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Re: Iversen's second multiconfused log thread

Posted: Wed Aug 14, 2019 10:16 am
by Iversen
Since yesterday I have written wordlists of 60-65 words each for Portuguese, Castilian, Catalan, Italian, Romanian, Albanian and Greek, but still not done the repetitions for any of them, nor for Old or New French, so that's my next task before doing wordlists for the Slavic languages etc.

I have not mentioned my Monday language exchange at the library, but here comes: we were 5 persons. One girl would like to train her Russian, another her French, but one elderly lady in the company was only interested in English because - as she said - she wanted to focus her remaining brain powers on one foreign language. And then we ended up speaking English - except for a short period where two of us sneaked away to speak French at another table. Two girls passed by who wanted to speak German, but they left because we were speaking English at the only active table. And the Spanish speaking lady and the Spanish speaker in spe from last week who had said they definitely would turn up this week too didn't show up. This just goes to show how difficult it is to organize anything of this sort if you don't have a stable core of people who try to turn up every time.

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PS at 17:20: and now I have also done the reps for all the Romance languages. Albanian and Greek must wait until later. I'm going downtown to discuss art with some people from New York at our local art museum now.

Re: Iversen's second multiconfused log thread

Posted: Thu Aug 15, 2019 12:29 pm
by alaart
Iversen wrote:I have not mentioned my Monday language exchange at the library, but here comes: we were 5 persons. One girl would like to train her Russian, another her French, but one elderly lady in the company was only interested in English because - as she said - she wanted to focus her remaining brain powers on one foreign language. And then we ended up speaking English - except for a short period where two of us sneaked away to speak French at another table. Two girls passed by who wanted to speak German, but they left because we were speaking English at the only active table. And the Spanish speaking lady and the Spanish speaker in spe from last week who had said they definitely would turn up this week too didn't show up. This just goes to show how difficult it is to organize anything of this sort if you don't have a stable core of people who try to turn up every time.

Maybe try offering your local language?
Here in Leipzig, Germany, at the weekly local language exchange they made a German table and spread this to the language schools. And so a lot of foreigners trying to integrate and life in Germany come and practice German. And this in return gives other learners access to speakers from foreign languages.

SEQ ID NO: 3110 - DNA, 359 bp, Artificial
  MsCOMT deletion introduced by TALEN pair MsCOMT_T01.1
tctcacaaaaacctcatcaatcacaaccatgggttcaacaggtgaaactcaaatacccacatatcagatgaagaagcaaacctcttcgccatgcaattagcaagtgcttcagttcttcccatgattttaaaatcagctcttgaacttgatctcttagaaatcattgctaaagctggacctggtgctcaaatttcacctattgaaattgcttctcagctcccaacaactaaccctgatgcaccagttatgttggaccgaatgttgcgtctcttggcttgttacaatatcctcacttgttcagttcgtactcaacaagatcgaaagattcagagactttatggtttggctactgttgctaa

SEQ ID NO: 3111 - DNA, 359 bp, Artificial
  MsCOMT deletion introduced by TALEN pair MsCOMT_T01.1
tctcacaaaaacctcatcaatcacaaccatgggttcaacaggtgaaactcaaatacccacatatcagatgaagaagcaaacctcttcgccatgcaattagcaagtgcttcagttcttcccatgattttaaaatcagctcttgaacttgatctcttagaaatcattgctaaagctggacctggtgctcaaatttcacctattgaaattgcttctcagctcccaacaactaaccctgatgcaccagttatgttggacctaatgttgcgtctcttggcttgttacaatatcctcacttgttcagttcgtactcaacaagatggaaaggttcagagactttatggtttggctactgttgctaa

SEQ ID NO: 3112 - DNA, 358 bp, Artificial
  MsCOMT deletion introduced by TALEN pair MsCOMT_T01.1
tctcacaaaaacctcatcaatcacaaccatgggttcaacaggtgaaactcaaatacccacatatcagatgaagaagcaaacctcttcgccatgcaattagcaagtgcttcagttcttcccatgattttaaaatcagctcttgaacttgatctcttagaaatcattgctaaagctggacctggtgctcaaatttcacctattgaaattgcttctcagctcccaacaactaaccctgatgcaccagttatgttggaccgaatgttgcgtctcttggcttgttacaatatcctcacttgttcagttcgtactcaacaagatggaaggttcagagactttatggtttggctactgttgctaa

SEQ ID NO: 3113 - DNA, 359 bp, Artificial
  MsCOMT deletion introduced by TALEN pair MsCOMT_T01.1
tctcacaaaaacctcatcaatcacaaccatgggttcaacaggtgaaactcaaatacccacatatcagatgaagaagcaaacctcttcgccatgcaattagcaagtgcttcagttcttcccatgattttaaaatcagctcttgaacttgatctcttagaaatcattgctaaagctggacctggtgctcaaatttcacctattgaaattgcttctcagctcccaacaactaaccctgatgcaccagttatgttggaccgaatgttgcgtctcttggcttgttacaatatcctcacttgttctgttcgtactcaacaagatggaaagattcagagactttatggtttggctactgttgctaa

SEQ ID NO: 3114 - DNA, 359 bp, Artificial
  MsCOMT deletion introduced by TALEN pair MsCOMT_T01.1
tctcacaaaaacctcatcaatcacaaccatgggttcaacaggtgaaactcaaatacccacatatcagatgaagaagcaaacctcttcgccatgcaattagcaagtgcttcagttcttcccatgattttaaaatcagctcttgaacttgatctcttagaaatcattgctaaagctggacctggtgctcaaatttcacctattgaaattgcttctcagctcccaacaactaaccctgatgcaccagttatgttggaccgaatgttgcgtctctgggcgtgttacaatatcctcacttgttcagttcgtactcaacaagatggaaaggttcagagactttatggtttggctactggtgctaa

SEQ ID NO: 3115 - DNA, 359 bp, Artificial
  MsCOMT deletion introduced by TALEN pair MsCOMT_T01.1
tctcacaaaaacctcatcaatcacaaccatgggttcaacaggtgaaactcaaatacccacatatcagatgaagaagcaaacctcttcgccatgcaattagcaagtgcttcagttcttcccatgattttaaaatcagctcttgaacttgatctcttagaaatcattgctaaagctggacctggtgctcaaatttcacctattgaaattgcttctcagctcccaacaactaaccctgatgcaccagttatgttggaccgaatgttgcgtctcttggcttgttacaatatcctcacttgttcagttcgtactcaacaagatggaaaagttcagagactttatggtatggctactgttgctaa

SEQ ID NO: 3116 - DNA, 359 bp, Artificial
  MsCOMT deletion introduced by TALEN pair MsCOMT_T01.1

I cannot claim that it functions optimal, most foreigners are Arabic or Turkish, whereas the Germans coming are more interested in French and Spanish, but still - other language tables emerge, and it is usually a wild mix of nationalities and it can be pretty fun. When I go, I would usually go and sit at the German table though, as the languages I do speak are rarely present.

Re: Iversen's second multiconfused log thread

Posted: Thu Aug 15, 2019 8:27 pm
by Iversen
Actually I have several been sitting with an immigrant who wanted to practice his Danish, and I hope that I at least could be of assistance in that sitaution. But Denmark is full of Danes, and immigrants and foreign workers should be able to find opportunities to talk to one of them. I have actually during the last couple of sessions helped newbees practice their foreign languages, and I feel I do a more relevant service in that situation. And sometimes we are able to have a real, fluent conversation, and that's of course what I personally hope will happen - but again, helping a newbee in for instance German or Spanish is more rewarding for me than speaking Danish with newbee learner of Danish - especially since I have yet to meet a newbee whose native language was one of those I try to learn myself.

Today I actually stopped the music from my computer (where I just have finished the letter R with Julius Engelbert Röntgen and his wife Amanda Röntgen-Maier) in order to listen to a TV program. That has become a rare occurrence since I try to get through my music collection as fast as possible - but it is fairly comprehensive so my goal is just to reach the end here in 2019. But then Swedish TV had a program which I simply couldn't bear NOT to hear:

IC: Það var útsending frá sænsku sjónvarpi en með dagskrá frá Íslandi þar sem voru viðtöl við ólíka menningarlega persónuleika um daglegt líf þeirra. Til dæmis sat einn viðmælandi og ein söngkona aleinn í hringlaga útisundlaug meðan rétthyrnd sundlaug var svo full af fólki að þau gátu varla hreyft sig. Hún naut einsemdarinnar, en óttaðist að sundlaug hennar yrði lokuð í þágu vatnsrennibraut fyrir börnin. Island hefur auðvitað hin frægu Bláa lónið (hitað með jarðhita), en það var ekki þetta sem við sáum.

IT: Anche ieri ho interrotto temporaneamente l'ascolto della mia collezione musicale, ma questa volta fu per vedere parte del programma di SuperQuark, uno dei pochi programmi su RaiUno che vale la pena vedere.